Green Briar

Green Briar/Greenbriar (Smilax sp.)

Roundleaf Green Briar (Smilax rotundifolia) is the most common of the Smilax species, but other weed names of this species include Bull Briar and Cat Briar.

Many new gardeners are often lured by curiosity to allow a small plant
to grow, not knowing exactly what it is. By catching this one early
a lot of headaches will be saved.

In a few growing seasons this creeping
vine becomes invasive. It has been known
to smother and pull down shrubs then grow upward into mature, well established trees
and bring them down in time to.

In its young stage green briar is more tender. As this vine grows upward, a tendril, or thin winding structure, attaches itself to other vegetation and climbs.

Eventually it becomes a woody vine that
can be rounded or angled with needle-sharp thorns that easily scratch and tear clothes.

Photo: Anita Rust

Weed leaves are heart or spade-shaped and grow 2 - 5 inches in diameter. They are glossy with distinctive parallel veins that run the margin of the leaf. A petiole, or small branch-like stem, attaches the vine to the leaf. Leaves grow off of the vine in an alternating pattern.

The petioles produce the tendrils that wind around other vegetation.

Flowers are small and can be yellowish-green to a yellowish-brown. They bloom in clusters April through August, depending on location. They produce red to dark purple berries which appear in September, but may stay throughout the winter. The seeds that are produced are about 1/4 inch in diameter.

Green briar starts deep in the ground and grows through rhizomes.

This vine grows from one bulb that is so deep in the ground it is rarely possible to get to. This bulb creates rhizome tubers about every 1 -2 feet, which in turn, produces more plants. Although seeds can create new vine weeds, most new growth is created from the tubers.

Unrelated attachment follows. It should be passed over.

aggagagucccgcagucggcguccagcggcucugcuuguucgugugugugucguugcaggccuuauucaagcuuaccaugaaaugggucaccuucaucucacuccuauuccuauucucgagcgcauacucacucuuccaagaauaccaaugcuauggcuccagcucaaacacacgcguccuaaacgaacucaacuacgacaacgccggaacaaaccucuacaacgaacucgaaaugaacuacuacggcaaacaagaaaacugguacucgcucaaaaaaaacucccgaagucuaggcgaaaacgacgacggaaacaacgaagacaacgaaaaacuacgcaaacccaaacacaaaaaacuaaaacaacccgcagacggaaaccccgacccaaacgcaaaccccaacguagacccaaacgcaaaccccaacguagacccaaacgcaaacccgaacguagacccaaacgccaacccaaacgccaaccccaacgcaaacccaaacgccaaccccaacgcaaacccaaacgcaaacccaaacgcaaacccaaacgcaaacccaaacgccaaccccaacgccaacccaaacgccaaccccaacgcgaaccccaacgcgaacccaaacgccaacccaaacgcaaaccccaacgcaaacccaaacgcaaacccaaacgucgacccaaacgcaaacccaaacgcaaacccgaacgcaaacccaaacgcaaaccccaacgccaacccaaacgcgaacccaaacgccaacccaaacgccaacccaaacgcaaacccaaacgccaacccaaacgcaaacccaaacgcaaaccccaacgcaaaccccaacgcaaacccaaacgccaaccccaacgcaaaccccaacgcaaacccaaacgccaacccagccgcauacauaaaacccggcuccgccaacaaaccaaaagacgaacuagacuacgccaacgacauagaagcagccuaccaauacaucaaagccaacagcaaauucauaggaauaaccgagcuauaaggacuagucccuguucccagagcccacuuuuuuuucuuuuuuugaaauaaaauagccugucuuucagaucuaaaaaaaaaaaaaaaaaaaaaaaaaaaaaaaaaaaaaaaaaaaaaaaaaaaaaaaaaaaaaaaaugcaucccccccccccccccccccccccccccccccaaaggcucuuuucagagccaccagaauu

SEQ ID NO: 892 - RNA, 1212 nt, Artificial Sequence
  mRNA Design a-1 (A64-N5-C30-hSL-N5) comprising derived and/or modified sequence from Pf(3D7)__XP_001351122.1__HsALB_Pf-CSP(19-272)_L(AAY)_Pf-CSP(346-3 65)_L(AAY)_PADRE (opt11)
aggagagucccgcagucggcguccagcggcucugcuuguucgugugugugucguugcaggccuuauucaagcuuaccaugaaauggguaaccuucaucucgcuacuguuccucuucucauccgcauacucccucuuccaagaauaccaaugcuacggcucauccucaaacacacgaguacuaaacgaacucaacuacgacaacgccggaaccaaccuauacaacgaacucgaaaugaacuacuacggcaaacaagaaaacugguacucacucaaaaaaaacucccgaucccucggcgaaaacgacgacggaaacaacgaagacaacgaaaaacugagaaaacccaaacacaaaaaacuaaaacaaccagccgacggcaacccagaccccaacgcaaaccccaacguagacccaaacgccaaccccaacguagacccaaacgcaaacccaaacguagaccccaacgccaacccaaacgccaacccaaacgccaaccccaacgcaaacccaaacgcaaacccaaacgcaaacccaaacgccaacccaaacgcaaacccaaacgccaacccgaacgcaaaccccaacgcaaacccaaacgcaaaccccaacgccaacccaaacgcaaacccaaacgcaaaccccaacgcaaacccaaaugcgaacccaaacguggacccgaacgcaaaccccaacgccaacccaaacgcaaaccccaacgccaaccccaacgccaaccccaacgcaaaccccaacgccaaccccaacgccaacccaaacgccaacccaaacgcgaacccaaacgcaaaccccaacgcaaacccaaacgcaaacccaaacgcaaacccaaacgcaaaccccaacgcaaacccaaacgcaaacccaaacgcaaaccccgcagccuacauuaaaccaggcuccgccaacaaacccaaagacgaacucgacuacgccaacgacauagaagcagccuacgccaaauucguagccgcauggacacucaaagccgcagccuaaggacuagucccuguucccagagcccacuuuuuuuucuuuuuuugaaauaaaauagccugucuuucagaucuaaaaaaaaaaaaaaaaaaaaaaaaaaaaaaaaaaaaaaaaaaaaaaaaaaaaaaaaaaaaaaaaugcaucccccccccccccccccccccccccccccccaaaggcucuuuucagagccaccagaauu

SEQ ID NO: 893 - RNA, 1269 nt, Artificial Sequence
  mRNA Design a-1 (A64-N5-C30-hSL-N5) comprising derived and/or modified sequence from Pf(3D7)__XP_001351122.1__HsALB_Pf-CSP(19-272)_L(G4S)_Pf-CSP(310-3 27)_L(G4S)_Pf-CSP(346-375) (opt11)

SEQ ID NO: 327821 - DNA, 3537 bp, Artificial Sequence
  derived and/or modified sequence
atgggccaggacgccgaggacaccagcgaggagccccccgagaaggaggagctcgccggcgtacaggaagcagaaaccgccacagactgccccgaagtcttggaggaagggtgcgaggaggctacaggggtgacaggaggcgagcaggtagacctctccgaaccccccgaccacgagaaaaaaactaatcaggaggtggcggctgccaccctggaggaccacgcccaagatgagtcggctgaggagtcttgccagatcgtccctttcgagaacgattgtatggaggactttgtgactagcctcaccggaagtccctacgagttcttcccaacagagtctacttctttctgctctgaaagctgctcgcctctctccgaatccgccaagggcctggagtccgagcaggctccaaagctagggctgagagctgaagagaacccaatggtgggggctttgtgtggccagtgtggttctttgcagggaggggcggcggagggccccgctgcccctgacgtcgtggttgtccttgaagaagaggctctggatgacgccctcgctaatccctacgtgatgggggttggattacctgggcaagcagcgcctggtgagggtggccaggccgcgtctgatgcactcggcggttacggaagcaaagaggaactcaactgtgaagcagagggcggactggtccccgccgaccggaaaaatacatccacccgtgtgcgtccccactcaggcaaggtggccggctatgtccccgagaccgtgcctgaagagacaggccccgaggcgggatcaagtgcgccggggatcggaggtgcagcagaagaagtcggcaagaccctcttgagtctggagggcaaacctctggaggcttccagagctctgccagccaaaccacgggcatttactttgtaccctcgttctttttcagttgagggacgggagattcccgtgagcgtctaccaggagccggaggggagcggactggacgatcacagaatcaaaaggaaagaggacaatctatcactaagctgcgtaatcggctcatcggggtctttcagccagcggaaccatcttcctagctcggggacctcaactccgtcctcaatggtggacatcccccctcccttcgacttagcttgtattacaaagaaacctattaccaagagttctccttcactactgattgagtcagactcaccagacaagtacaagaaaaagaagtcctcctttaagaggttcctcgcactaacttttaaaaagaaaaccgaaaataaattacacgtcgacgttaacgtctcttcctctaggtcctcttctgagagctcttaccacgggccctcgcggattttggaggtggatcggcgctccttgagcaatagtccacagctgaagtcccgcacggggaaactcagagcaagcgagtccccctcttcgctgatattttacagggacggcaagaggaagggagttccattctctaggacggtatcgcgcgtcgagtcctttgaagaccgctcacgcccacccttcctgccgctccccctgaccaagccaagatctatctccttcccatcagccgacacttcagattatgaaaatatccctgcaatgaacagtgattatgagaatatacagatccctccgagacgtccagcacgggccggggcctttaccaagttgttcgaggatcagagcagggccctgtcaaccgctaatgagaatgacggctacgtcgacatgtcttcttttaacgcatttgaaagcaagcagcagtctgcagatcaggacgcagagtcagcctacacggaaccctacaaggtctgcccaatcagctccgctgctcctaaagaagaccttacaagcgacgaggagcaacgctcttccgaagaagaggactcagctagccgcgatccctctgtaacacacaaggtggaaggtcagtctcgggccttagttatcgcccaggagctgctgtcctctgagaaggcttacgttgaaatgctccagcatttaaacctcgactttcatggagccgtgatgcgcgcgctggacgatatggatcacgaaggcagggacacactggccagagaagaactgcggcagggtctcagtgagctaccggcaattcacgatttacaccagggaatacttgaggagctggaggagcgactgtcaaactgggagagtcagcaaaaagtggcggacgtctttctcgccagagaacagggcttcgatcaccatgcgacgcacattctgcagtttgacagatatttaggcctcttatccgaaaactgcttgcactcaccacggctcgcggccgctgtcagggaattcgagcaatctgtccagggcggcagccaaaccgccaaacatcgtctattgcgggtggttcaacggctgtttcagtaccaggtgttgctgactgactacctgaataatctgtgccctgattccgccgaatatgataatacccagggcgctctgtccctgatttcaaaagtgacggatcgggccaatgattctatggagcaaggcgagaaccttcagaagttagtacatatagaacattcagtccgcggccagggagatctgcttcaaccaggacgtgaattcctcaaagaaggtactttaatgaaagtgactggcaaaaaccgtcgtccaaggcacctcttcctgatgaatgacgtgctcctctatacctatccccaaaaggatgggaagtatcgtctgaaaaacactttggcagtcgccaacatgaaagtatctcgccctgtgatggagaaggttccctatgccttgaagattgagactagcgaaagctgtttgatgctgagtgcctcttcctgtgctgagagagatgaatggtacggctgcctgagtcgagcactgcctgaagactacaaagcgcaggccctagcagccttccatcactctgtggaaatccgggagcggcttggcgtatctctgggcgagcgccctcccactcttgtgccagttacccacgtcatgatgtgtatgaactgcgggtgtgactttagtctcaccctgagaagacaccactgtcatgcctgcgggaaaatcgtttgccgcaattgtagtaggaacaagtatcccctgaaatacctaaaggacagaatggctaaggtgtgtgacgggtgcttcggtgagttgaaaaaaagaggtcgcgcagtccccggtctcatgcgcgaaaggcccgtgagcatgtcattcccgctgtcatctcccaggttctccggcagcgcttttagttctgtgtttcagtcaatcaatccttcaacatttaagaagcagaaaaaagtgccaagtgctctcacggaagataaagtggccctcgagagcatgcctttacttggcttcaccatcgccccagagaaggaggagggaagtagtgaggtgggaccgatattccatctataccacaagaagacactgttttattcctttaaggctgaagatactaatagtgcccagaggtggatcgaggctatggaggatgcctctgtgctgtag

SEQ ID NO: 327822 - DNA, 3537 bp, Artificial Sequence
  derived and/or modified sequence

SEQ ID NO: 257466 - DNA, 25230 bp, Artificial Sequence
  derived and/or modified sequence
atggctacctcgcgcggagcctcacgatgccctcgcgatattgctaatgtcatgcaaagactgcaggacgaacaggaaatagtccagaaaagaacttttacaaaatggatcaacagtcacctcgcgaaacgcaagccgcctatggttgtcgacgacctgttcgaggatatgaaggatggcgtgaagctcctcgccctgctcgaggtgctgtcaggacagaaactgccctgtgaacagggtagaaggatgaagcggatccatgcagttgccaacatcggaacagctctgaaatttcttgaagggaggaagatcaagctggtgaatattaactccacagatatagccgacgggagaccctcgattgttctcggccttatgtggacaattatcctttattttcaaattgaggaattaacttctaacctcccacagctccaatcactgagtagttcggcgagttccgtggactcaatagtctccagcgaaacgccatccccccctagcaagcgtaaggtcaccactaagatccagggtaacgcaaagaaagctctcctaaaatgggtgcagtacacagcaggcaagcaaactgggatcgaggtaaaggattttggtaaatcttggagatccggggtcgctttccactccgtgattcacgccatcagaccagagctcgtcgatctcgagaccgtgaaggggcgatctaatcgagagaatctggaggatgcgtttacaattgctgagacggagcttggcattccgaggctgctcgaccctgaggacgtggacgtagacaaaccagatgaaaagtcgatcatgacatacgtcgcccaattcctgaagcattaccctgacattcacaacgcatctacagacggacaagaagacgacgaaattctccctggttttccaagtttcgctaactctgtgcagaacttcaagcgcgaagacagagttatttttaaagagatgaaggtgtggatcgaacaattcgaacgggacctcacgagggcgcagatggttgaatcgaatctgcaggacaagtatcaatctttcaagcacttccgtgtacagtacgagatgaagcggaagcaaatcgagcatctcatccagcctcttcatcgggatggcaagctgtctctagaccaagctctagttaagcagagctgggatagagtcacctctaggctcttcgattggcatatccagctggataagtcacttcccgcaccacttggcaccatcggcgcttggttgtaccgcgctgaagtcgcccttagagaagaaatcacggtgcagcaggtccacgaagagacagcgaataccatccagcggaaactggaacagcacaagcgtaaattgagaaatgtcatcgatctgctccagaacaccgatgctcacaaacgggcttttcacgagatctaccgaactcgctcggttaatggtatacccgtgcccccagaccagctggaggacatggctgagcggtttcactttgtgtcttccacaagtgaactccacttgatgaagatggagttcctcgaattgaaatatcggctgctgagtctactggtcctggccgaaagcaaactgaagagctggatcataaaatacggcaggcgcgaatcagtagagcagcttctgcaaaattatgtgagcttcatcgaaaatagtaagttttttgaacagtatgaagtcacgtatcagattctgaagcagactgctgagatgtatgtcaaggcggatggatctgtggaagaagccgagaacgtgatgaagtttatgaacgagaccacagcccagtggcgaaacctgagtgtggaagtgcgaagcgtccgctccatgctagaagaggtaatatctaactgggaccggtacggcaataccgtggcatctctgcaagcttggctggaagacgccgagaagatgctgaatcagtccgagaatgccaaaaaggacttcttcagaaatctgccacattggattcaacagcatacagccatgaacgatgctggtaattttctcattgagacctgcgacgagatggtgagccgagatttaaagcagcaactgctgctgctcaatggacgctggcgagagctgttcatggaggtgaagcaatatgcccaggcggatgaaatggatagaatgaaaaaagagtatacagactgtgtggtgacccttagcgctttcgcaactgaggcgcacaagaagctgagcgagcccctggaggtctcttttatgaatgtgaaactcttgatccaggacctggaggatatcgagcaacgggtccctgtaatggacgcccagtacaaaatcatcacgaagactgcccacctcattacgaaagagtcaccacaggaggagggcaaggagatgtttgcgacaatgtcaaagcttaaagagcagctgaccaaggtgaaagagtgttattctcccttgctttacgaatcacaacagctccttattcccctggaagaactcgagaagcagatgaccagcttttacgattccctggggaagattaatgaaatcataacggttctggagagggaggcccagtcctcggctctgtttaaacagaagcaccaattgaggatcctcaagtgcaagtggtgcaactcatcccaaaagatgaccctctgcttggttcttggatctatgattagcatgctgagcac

Hardened roots grow very large and are claw-like in appearance. Roots store water and nutrients quite well, enabling it to grow in any kind of soil with any kind of water supply. These hardened claws also wrap extensively around the roots of wanted trees and plants.

Eradicating this plant is close to impossible and takes a strong commitment. Attempting to hand pull usually results in breaking off the top-growth which the root quickly replaces.

Gardeners who have successfully removed this conglomerate did so by constantly chopping vines down, digging tubers out of the ground or cutting back tubers about an inch or two from the surface. This will be an on-going process.

After cutting back, spray, or paint, a broadleaf weed killer over the freshly cut and exposed tuber. A vine & stump killer or brush killer can be effective, along with crossbow weed killer (and generics) to.

Herbicide options come with no guarantees. The common theme to eradicating this weed is constant weeding management. Your local extension office may also have recommendations.


  • If you can't beat it, join it! Depending on the species, greenbrier roots and petioles are considered delicious, edible weeds similar to the flavor of asparagus.

  • Herbivorous mammals, like deer, enjoy the foliage and berries, while many butterflies and moths will drink the nectar from the flowers.

  • The vines are super thorny and painful. Small animals, including pets, have been known to wonder into these vine weeds and get stuck in their briars.

  • Roundleaf greenbriar has invaded much of the eastern United States from various areas in the great plain states all the way to the coast.

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